by John E. Motylinski (Winter 2017)

This past November, voters from across the nation overwhelmingly approved voter measures lessening restrictions on marijuana. California, Massachusetts, Maine, and Nevada all voted to legalize the recreational use of pot, while North Dakota, Arkansas and Montana approved or expanded medical marijuana laws. Consequently, there are now twenty-eight (28) states that have enacted medical marijuana provisions, including Illinois.

But does the Illinois’ medical marijuana program require employers   to accommodate cannabis-using employees? The answer is a resounding no; Illinois employers – especially those in fire, EMS, and other safety-critical environments – are not on board. Indeed, employees working in these sectors can be (and are being) terminated for positive drug tests even when using marijuana in conformity with Illinois’ medical marijuana program.

There are five major driving forces animating fire and EMS employers’ anti-marijuana sentiments, which are detailed below. First and foremost, being an emergency responder is an awesome responsibility that requires a sober mind in the face of emergency. As such, prudence and common sense require that emergency responders be free of the influence of any inhibiting drug, even those prescribed by a doctor. Therefore, it is no surprise that public safety employers continue to adhere to strict anti-drug policies.

Second, employer resistance to marijuana (even when legally permitted) is actually supported by the Compassionate Use of Medical Cannabis Pilot Program Act. While the Act prohibits discrimination against approved individuals approved to use medical marijuana, the law leaves open a loophole allowing employers to administer drug tests and to fire employees who fail them. Moreover, the Act expressly allows employers to enforce drug-free workplace policies and discipline employees who break them. And, at present, employers do not hesitate to do so.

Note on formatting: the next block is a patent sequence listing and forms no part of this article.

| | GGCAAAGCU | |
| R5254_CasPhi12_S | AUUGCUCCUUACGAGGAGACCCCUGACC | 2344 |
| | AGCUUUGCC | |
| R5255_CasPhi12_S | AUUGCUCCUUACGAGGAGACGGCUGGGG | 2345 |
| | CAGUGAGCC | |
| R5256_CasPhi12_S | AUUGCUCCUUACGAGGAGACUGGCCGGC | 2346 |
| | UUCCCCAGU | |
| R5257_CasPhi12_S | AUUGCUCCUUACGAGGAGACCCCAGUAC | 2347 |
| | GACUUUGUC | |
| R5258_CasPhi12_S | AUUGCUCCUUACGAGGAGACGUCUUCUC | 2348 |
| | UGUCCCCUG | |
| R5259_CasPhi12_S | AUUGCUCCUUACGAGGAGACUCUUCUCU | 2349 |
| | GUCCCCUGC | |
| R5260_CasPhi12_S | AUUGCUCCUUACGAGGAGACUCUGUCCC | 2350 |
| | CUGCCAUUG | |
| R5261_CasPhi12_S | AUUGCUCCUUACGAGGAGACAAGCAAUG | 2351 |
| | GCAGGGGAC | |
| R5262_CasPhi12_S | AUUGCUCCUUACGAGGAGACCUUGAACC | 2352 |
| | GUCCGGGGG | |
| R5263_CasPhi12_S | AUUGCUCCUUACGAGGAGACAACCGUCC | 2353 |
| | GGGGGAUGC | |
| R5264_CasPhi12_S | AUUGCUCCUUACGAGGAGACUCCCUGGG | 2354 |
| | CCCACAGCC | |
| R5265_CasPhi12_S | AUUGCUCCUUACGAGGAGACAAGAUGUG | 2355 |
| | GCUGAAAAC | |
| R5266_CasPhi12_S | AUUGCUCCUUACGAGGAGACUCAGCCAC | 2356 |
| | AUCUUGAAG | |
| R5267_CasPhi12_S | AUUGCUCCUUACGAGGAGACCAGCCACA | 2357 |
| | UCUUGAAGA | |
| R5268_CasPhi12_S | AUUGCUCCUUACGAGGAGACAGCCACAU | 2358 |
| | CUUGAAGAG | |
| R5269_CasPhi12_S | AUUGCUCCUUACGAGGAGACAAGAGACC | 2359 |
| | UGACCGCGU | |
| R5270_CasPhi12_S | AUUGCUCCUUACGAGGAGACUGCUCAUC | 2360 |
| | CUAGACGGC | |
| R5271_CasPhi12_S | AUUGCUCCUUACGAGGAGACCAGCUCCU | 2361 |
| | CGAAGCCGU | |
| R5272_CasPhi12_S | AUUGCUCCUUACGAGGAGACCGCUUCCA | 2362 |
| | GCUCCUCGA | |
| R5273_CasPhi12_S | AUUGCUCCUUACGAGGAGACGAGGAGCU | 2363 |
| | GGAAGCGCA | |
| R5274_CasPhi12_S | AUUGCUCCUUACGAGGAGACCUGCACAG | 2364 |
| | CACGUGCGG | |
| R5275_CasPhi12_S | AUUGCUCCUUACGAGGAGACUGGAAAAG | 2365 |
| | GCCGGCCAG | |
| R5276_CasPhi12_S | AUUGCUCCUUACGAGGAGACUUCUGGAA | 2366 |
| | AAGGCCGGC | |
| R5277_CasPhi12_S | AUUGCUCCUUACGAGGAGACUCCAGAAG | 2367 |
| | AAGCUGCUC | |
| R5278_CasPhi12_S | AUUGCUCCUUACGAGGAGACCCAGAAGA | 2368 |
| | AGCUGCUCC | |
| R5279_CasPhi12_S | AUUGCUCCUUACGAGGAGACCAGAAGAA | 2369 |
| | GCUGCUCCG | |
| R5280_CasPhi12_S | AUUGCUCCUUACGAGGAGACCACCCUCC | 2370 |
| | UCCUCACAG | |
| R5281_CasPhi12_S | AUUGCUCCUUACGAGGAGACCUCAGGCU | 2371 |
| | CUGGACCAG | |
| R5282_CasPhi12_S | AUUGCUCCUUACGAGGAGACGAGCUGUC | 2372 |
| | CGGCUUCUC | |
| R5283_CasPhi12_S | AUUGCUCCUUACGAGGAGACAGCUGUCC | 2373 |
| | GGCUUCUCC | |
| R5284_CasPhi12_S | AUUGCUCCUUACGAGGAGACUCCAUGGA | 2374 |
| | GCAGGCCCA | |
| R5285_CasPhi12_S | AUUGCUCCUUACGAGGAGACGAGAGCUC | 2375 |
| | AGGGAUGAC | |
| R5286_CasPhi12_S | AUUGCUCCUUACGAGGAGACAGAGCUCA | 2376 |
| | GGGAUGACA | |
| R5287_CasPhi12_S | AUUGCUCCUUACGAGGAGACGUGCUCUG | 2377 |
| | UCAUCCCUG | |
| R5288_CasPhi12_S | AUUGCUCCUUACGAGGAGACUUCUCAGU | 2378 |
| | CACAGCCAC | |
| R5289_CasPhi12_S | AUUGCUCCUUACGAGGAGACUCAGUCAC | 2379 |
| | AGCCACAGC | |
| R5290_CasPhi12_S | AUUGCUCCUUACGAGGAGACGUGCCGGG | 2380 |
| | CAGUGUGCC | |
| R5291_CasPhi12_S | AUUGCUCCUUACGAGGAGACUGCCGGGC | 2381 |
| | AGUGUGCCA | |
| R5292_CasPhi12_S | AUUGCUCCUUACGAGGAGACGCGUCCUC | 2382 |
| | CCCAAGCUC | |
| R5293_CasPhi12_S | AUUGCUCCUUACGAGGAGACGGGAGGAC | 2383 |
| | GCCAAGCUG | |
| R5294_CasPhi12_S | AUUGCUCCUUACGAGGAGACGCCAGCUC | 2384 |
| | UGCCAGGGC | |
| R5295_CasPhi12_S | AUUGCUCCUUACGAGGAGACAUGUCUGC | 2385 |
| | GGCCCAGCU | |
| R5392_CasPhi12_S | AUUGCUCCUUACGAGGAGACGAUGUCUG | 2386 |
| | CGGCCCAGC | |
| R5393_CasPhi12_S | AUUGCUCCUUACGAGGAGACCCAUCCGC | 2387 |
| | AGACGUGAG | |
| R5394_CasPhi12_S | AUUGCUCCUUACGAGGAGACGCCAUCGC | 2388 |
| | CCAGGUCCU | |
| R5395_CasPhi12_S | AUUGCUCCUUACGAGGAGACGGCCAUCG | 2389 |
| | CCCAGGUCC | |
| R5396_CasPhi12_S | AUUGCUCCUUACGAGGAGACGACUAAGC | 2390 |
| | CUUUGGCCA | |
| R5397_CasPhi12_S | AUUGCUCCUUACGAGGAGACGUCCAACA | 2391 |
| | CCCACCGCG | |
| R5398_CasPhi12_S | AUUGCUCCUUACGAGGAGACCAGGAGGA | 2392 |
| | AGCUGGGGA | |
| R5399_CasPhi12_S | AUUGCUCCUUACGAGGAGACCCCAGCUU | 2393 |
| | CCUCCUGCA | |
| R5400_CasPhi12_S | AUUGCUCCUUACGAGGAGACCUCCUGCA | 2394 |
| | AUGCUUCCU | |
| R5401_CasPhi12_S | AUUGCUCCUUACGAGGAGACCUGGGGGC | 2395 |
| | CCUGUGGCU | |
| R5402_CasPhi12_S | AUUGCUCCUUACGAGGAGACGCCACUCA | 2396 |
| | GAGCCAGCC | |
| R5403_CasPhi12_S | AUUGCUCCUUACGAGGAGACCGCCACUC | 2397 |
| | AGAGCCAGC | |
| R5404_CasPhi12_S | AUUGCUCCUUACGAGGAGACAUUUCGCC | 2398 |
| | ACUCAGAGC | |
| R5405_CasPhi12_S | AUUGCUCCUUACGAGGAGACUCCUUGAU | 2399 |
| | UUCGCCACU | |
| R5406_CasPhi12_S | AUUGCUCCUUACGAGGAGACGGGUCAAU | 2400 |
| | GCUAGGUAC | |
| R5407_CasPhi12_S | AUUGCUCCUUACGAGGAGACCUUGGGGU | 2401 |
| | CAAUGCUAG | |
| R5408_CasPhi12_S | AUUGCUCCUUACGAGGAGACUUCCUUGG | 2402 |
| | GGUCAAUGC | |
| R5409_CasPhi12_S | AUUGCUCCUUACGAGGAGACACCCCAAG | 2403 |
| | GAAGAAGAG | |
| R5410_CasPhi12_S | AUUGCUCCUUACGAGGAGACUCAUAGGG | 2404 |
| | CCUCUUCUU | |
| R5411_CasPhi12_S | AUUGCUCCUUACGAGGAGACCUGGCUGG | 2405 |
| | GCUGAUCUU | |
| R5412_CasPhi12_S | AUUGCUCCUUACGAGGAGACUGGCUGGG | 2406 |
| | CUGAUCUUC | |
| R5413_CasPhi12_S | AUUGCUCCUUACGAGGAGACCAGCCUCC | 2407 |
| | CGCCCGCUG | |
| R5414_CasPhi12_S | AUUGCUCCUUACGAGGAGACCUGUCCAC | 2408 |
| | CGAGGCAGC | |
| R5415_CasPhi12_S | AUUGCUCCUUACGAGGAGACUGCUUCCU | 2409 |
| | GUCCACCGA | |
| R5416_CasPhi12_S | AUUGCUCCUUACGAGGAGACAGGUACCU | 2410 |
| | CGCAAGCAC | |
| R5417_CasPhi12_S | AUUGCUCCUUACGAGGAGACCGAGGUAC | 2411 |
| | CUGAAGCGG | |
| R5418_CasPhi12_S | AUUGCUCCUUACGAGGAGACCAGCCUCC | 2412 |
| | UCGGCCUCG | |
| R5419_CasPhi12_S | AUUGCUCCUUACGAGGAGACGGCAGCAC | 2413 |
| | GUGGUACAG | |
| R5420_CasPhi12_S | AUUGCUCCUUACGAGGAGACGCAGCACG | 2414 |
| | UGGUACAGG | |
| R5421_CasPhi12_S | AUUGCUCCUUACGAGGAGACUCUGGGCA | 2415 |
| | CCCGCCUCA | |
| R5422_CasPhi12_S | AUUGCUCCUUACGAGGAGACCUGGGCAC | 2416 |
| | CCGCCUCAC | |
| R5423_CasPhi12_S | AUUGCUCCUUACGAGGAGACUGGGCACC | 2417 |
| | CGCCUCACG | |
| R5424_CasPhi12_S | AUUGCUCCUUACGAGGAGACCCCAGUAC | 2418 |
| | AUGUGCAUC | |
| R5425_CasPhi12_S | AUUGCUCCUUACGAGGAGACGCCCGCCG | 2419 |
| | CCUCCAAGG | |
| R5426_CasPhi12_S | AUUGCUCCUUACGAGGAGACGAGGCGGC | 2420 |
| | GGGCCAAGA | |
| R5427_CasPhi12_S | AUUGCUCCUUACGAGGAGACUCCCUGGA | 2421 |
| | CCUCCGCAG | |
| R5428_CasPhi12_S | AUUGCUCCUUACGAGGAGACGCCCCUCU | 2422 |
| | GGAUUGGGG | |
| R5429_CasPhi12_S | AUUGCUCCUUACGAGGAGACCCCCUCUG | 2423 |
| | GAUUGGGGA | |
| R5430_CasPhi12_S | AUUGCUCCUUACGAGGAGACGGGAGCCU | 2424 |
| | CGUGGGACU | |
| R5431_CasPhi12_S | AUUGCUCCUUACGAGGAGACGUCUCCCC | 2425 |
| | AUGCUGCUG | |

Third, many fire departments are public agencies that receive federal funding. Even though marijuana is legal for qualified individuals at the state level, pot remains illegal under federal law as a Schedule I controlled substance. Just as individuals with criminal marijuana convictions may lose federal financial aid and housing opportunities, public safety employers are fearful that their federal funding may be discontinued if they appease marijuana users.

Fourth, there are several issues relating to workers’ compensation that are dissuading employers from embracing employee use of marijuana. Many argue that marijuana use, particularly in safety-sensitive industries, may lead to an increased number of on-the-job accidents. This, in turn, may increase an employer’s workers’ compensation insurance rate. Further, workers’ compensation will often not cover on-the-job accidents where the injured employee tests positive for marijuana. This is because the Illinois Workers’ Compensation Act provides that no compensation will be paid where intoxication contributes to the injury, and a positive finding of any amount of marijuana can establish a presumption that the individual was intoxicated. Therefore, employers are not keen on marijuana use, even where it is legalized, because of the potentially adverse consequences on their workers’ compensation premiums.

Fifth, fear of legal liability may also be motivating employer anti-pot sentiments. While local governments (including many fire protection districts and municipal fire departments) enjoy immunities from negligence lawsuits, the Illinois Supreme Court recently stripped a layer of court-created protections in Coleman v. East Joliet Fire Protection District, 2016 IL 117952. This means that plaintiffs now have fewer hurdles to jump in suing these employers. Furthermore, a positive finding of marijuana in an employee’s system may even further enhance the prospects of a lawsuit. For this reason, embracing employee marijuana use remains a non-starter for public safety employers.

Even though the nation’s attitude on marijuana has become less restrictive, there are many reasons that employers – especially safety-sensitive employers -continue to demand drug-free workplaces. Although it is doubtful that employees in emergency responder roles will see relaxed marijuana policies any time soon, this area is clearly in flux and ripe for change. Accordingly, please contact your attorneys if you encounter any questions or concerns regarding your standing drug policies, drug testing, or issues with employee use of marijuana.